Doubtless there are still those expecting some sort of divine punishment to have been meted out on Lara for treating his supreme talents so casually of late. If there are, they would have been thoroughly disappointed.
True, he did start shakily - scratching around for 11 balls before getting off the mark - and was lucky to survive an lbw appeal second ball, after padding away a straight one from Phil Tufnell. If this was a crisis of confidence the hard evidence soon disappeared as all the old shots began to unfold.
Before the start, his preparation was not exactly redolent of a man keen to purge himself of lackadaisical tendencies. Not for him the kind of long net that someone like Graham Gooch would put himself through, with bowlers coming off full runs. No, Lara in keeping with that other sublime left-hander David Gower, had less than a dozen throw-downs without pads. All were cleanly struck to the on-side, which perhaps had its significance later on when he whipped and slapped Phil Tufnell for three leg-side fours in one over, to kick-start his innings.
Lara is clearly a man who backs his ability to the hilt. Tufnell - who had bowled a searching spell from the Nursery End, slowing even Campbell's earlier lack of inhibition to a walk - was hit out of the attack as Lara found gaps with ease
Kevin Shine, who had earlier dismissed Carl Hooper lbw to one that kept low, then returned, only to see a player widely touted to be in crisis, casually dismiss him for 13 runs, including a huge six that sailed high over midwicket into the Mound Stand. Just to confuse all those who think him one- dimensional he then patted Shine's next over back for a maiden. This was a big cat toying with small prey.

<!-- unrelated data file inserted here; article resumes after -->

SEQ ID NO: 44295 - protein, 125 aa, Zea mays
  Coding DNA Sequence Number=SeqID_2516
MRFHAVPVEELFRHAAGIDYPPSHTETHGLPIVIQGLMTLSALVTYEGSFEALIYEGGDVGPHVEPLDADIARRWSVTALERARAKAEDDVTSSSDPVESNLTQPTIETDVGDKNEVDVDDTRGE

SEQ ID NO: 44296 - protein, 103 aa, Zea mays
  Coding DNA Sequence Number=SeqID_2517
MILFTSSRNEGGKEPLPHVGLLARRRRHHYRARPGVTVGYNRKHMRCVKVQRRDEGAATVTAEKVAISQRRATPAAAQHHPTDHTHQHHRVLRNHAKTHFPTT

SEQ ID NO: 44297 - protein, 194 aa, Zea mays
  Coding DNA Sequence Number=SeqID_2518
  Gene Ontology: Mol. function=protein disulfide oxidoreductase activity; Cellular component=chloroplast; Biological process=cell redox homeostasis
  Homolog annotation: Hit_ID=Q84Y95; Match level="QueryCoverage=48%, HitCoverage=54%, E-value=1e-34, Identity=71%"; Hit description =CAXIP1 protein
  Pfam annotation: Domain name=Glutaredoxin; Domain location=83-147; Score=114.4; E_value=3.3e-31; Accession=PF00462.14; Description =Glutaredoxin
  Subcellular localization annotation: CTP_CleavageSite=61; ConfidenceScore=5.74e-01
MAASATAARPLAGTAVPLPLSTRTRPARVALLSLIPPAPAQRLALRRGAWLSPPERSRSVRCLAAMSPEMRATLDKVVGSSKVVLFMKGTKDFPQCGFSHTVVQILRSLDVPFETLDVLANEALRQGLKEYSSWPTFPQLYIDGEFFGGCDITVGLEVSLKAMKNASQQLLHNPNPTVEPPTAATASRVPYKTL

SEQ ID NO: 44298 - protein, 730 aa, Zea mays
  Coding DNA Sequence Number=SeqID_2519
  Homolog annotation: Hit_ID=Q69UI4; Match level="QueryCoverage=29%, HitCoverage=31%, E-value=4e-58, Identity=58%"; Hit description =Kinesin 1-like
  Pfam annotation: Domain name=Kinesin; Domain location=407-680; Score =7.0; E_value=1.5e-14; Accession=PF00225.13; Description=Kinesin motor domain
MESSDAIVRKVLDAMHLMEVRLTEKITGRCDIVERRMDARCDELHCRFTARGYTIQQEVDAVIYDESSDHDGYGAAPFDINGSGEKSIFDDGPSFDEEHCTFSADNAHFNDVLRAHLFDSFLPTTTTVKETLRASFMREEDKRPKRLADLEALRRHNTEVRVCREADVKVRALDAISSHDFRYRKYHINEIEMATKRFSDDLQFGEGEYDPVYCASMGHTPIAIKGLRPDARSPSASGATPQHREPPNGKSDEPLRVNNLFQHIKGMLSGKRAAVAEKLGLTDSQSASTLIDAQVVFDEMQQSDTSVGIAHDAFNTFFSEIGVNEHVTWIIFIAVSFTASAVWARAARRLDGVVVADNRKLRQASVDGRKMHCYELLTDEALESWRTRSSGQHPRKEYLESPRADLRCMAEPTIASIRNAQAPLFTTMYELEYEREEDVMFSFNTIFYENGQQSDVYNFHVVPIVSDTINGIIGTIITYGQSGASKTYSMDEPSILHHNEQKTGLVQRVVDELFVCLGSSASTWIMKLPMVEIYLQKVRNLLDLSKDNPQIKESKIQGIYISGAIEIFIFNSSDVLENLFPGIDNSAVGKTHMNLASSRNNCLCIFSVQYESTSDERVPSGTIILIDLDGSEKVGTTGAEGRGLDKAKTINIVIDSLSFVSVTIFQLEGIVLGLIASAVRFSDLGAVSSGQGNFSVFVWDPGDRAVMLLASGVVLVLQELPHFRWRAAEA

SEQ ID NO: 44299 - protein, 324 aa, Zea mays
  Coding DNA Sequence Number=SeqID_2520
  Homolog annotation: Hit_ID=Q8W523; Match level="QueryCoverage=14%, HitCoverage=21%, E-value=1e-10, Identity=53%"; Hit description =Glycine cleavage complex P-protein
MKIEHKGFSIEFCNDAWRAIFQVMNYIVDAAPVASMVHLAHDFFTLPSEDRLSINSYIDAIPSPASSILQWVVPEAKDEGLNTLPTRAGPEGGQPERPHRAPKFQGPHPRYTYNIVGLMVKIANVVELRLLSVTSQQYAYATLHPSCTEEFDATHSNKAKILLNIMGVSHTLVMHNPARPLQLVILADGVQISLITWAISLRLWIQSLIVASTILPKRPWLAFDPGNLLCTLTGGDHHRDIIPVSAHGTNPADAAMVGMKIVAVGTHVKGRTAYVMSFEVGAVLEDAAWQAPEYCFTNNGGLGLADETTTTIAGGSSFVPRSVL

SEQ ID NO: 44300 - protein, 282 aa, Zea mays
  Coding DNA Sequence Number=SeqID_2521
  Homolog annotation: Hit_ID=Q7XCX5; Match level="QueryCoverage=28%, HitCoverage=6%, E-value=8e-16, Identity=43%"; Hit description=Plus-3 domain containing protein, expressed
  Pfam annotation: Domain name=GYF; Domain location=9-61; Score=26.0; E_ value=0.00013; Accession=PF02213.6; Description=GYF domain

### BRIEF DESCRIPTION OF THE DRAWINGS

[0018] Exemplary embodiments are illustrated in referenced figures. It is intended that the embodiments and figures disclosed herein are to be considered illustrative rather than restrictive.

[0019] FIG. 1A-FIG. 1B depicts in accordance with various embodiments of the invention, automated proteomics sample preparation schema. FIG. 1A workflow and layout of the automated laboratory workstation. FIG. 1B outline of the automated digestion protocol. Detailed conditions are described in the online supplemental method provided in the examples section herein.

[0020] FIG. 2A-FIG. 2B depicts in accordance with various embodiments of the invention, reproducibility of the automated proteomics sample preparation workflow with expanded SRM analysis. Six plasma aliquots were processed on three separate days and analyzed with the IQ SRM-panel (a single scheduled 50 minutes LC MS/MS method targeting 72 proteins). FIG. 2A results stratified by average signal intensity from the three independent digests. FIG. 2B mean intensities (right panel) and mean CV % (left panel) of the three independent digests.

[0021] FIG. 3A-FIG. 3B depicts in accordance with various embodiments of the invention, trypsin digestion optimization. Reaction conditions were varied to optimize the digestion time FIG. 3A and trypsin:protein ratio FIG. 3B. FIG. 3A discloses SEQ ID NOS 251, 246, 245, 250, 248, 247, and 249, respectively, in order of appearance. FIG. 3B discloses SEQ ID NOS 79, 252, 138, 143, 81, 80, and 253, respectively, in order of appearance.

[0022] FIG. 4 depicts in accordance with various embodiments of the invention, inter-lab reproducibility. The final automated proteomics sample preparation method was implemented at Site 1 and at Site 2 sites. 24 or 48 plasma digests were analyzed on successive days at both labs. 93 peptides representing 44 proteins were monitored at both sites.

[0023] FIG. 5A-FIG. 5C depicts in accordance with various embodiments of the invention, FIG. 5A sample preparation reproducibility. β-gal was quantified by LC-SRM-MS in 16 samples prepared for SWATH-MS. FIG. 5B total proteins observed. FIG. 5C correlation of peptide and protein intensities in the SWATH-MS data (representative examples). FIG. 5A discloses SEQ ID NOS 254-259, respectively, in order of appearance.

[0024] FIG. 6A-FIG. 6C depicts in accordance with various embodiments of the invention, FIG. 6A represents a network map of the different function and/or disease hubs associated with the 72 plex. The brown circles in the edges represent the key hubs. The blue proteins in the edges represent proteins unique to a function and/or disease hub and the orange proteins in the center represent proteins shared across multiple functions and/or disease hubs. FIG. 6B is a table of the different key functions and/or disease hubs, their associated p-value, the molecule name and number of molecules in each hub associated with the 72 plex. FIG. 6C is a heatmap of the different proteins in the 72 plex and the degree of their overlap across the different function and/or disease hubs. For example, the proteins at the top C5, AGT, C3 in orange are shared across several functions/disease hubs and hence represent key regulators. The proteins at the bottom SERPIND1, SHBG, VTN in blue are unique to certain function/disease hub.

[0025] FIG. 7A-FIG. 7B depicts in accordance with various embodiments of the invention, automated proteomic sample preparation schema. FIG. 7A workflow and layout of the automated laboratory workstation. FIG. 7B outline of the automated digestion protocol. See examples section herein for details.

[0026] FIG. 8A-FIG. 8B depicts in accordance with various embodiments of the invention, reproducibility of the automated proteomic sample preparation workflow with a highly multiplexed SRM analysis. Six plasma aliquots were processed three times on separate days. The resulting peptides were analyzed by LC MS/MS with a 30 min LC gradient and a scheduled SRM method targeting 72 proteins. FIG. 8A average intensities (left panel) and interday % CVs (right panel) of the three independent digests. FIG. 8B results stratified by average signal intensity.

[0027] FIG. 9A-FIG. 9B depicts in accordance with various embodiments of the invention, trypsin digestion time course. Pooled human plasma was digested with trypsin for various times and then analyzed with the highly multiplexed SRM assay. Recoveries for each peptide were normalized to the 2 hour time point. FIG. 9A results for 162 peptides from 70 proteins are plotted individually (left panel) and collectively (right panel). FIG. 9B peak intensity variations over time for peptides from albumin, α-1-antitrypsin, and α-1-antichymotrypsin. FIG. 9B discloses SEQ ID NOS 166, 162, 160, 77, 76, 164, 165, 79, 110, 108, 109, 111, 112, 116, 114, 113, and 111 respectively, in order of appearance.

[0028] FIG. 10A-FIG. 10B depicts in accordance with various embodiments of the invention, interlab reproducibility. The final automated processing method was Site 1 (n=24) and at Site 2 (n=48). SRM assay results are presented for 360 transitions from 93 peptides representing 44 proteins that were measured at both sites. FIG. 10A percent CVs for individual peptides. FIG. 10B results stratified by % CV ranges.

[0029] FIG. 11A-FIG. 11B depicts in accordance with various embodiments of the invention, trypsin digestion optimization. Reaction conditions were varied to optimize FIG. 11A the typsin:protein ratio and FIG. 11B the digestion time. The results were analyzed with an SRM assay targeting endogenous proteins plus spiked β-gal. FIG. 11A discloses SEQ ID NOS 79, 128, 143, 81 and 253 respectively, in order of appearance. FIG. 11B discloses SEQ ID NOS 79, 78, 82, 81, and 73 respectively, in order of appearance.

However Tufnell returned to have his revenge as Lara was bowled round his legs trying to paddle the ball finer than the line would allow. Chanderpaul followed soon after, again bowled by Tufnell, to a ball that kept low out of the rough. It was a slowly ground-out knock; a cautious pestle and mortar, to Lara and Campbell's whirring blenders.
In fact Campbell deserved plenty of plaudits himself. Since his arrival in May he has become a more complete player, looking increasingly accomplished at the crease. Back then, uncertain of his place, he tried to hit most of his deliveries through the off-side. Test cricket has been his making, the patience required of building rather than acquiring Test innings has shown him the importance of scoring in other areas using off both feet.
His dismissal, chopping-on to Tufnell, was the kind of luck a fielding side need when batsmen are in such irresistible form. It was also the first of three wickets for Tufnell who bowled with great control.
Only when the second new ball was taken did Middlesex have much to show for their day as first Jimmy Adams, and then Junior Campbell fell in quick succession to Dion Nash and Kevin Shine, the latter having already dismissed Carl Hooper earlier in the day. By then though, Lara had left his mark.Reuse content